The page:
There are a multitude of questions that Americans are asking every day. We are highlighting just a very few. The concerns of most Americans are not really that varied. We want life, liberty and we want to pursue our own happiness. We do not want limits put on us from the government as to how big our dreams can be. Yes, we want to care for our elderly and our infirmed but that doesn’t give carte blanche to those programs. We want oversight but we do not want the government running our businesses. We all see the need for good health insurance but we don’t want the government to make our choices for us. We want our schools to be the best in the world and are happy to fund them but we have questions about their inefficient use of our money. We want workers protected and feel that all workers should earn a good wage but we do not want to be strong armed into union demands.
Let’s talk about things. Let’s get to the truth behind all of the rhetoric. Let’s find out about all the pros and cons of each new piece of legislation. Let’s not rely solely on the word of a lobbyist or a news anchor. Oh, I could go on but I think you get the message.
Have your political positions changed in the last 2 to 3 years?
What was the major reason behind your changing political positions?
I have always been quite conservative in my thinking so to say that I have gone more right may be a misnomer. I am not more Republican, by any means. But because I feel that the Constitution is being ignored and overlooked ‘for our own good’ as they say, I feel the country needs to cling to or at least return to the values and principles of our founders, so I know that I do appear to be more conservative. Perhaps I am just more vocal about it and feel it more intensely now. I feel as though as a country, we have drifted away from the ideals that made this country great and exceptional. My thoughts about this country are tied up with my personal religious beliefs and I don’t want to preach but I do believe that this country was blessed by God. I further agree that it is the personal responsibility of us all to pursue our own achievements and not rely on the government to provide a way of life – a helping hand, sure but not the entitlements that threaten our financial solvency.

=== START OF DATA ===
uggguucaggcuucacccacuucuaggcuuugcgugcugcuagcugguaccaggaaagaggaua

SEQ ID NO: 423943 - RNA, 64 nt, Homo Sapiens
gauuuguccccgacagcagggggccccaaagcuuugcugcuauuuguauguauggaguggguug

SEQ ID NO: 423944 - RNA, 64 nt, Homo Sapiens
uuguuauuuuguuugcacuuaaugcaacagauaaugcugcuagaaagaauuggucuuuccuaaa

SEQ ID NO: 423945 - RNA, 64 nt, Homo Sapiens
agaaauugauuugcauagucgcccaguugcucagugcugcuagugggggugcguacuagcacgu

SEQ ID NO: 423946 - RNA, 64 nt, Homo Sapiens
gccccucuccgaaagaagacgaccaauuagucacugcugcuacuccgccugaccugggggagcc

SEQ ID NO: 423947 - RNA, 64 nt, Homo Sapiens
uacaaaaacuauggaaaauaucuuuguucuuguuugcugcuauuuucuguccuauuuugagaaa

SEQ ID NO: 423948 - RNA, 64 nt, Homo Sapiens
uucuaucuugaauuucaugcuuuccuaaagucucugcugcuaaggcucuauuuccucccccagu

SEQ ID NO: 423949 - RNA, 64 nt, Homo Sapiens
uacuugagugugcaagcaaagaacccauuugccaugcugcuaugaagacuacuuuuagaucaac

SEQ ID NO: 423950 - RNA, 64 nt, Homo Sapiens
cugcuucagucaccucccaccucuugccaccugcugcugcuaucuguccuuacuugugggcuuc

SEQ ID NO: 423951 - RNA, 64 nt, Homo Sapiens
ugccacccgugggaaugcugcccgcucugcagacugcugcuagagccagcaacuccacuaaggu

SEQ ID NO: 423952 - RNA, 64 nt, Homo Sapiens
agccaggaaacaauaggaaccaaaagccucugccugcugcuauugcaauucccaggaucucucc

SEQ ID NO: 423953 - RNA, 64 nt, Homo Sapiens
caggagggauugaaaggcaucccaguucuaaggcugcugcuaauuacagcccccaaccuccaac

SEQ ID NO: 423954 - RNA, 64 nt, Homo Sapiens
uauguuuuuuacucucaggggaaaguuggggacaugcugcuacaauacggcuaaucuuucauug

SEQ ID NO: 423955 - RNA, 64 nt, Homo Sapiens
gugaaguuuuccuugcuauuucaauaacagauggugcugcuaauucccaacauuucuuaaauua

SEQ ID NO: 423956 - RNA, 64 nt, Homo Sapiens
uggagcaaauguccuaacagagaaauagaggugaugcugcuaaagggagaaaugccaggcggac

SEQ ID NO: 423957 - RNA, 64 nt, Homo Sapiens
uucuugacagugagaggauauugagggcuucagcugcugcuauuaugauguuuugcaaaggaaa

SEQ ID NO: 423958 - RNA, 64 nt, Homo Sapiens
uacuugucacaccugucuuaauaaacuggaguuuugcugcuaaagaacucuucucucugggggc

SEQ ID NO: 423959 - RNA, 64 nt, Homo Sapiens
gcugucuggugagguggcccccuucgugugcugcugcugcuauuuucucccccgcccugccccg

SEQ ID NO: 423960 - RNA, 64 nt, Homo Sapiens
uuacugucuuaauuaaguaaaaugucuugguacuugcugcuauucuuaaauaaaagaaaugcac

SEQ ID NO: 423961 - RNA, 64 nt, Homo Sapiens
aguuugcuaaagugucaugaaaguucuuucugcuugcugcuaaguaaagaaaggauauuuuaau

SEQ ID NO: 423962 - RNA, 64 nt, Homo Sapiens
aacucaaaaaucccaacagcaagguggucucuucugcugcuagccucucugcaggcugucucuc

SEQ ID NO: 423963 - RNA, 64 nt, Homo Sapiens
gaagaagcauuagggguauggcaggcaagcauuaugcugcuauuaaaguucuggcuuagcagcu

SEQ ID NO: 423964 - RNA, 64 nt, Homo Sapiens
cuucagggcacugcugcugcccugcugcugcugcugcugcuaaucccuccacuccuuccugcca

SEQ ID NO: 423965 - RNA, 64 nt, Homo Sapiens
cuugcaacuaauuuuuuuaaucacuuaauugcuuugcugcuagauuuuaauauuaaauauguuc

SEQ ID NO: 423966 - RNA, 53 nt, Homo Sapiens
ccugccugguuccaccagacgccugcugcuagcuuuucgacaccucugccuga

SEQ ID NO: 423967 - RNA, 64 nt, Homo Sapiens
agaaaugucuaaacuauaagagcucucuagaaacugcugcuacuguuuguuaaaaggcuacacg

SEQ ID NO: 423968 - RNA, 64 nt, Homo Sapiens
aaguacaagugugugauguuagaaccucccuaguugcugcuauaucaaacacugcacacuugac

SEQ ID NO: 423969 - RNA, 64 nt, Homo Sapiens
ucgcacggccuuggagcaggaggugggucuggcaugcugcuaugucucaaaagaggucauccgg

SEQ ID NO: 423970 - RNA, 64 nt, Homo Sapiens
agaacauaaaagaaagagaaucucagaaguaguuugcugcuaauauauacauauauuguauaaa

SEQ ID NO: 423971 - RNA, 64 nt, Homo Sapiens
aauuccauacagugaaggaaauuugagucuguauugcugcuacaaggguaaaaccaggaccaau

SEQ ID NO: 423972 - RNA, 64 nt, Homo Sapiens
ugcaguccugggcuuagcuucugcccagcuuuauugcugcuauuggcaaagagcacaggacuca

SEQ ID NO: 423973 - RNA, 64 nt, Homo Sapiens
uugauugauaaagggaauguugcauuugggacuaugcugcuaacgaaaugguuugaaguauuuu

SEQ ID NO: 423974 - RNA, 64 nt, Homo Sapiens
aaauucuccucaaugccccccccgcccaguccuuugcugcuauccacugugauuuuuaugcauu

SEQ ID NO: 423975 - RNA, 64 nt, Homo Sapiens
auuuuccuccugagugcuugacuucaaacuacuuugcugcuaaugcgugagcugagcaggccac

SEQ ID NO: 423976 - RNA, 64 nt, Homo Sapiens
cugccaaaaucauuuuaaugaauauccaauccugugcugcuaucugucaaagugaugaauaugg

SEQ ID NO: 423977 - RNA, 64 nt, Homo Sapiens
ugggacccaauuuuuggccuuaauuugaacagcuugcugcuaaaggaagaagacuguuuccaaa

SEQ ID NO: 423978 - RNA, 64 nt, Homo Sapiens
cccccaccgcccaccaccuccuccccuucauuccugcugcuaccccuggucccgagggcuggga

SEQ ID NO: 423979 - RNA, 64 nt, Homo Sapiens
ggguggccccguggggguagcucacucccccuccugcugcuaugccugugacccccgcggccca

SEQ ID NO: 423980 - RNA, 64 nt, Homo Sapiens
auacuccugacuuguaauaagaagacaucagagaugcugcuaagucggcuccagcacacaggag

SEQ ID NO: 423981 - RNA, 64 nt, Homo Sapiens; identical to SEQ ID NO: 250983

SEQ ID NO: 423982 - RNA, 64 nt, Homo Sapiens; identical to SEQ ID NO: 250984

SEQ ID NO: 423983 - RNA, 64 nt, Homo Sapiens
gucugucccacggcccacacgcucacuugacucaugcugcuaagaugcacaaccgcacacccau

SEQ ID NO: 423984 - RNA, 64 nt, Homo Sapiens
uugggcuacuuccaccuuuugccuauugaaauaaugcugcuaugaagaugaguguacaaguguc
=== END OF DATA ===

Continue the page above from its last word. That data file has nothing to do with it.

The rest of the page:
The midterms to me were not a blank check, so to speak, for the GOP but rather a true disapproval of the sharp left turn that this country took since this administration took office. I think it all boils down to fiscal responsibility. We all have to balance our checkbook and pay off our debts, and the Tea Party movement has highlighted the negligence of our Congress to do the same while they continue asking for more and more money because they will not tighten their own belt. Whether they are worried about their own re-election or really believe in the pork projects they fund, they do not seem willing to make the necessary cuts.
As for the division? Absolutely! We are more divided now than at any time I can recall -more so than the Vietnam era and the riots of the late 60’s. I would venture to say that it is almost as bad as the civil war era in terms of polarization. In this day and age when news is so immediate and the reasoning behind the decisions being made are kept from us, we, the people, far often too quickly make up our minds about things that we should carefully mull over. This division is growing deeper daily.
Our president was credited with doing away with divisiveness altogether when he was elected but the shameful way business is done in Washington has not only brought about more but it highlighted the scum and dirt of politics to such a degree that the average person found it and the politicians playing that way – disgusting. To brush the guilt off of themselves they branded the folks as racists and troublemakers. It has gotten so bad that regular folks are targets of this type of assault when simply asking for the laws, which we already have on the books, to be followed.
My opinion is that for too long, our Congress has worked harder
at side deals, covering their own butts and their own re-election than the
business of running this country. Either aisle – doesn’t matter. It is time for that to stop. We have work to do.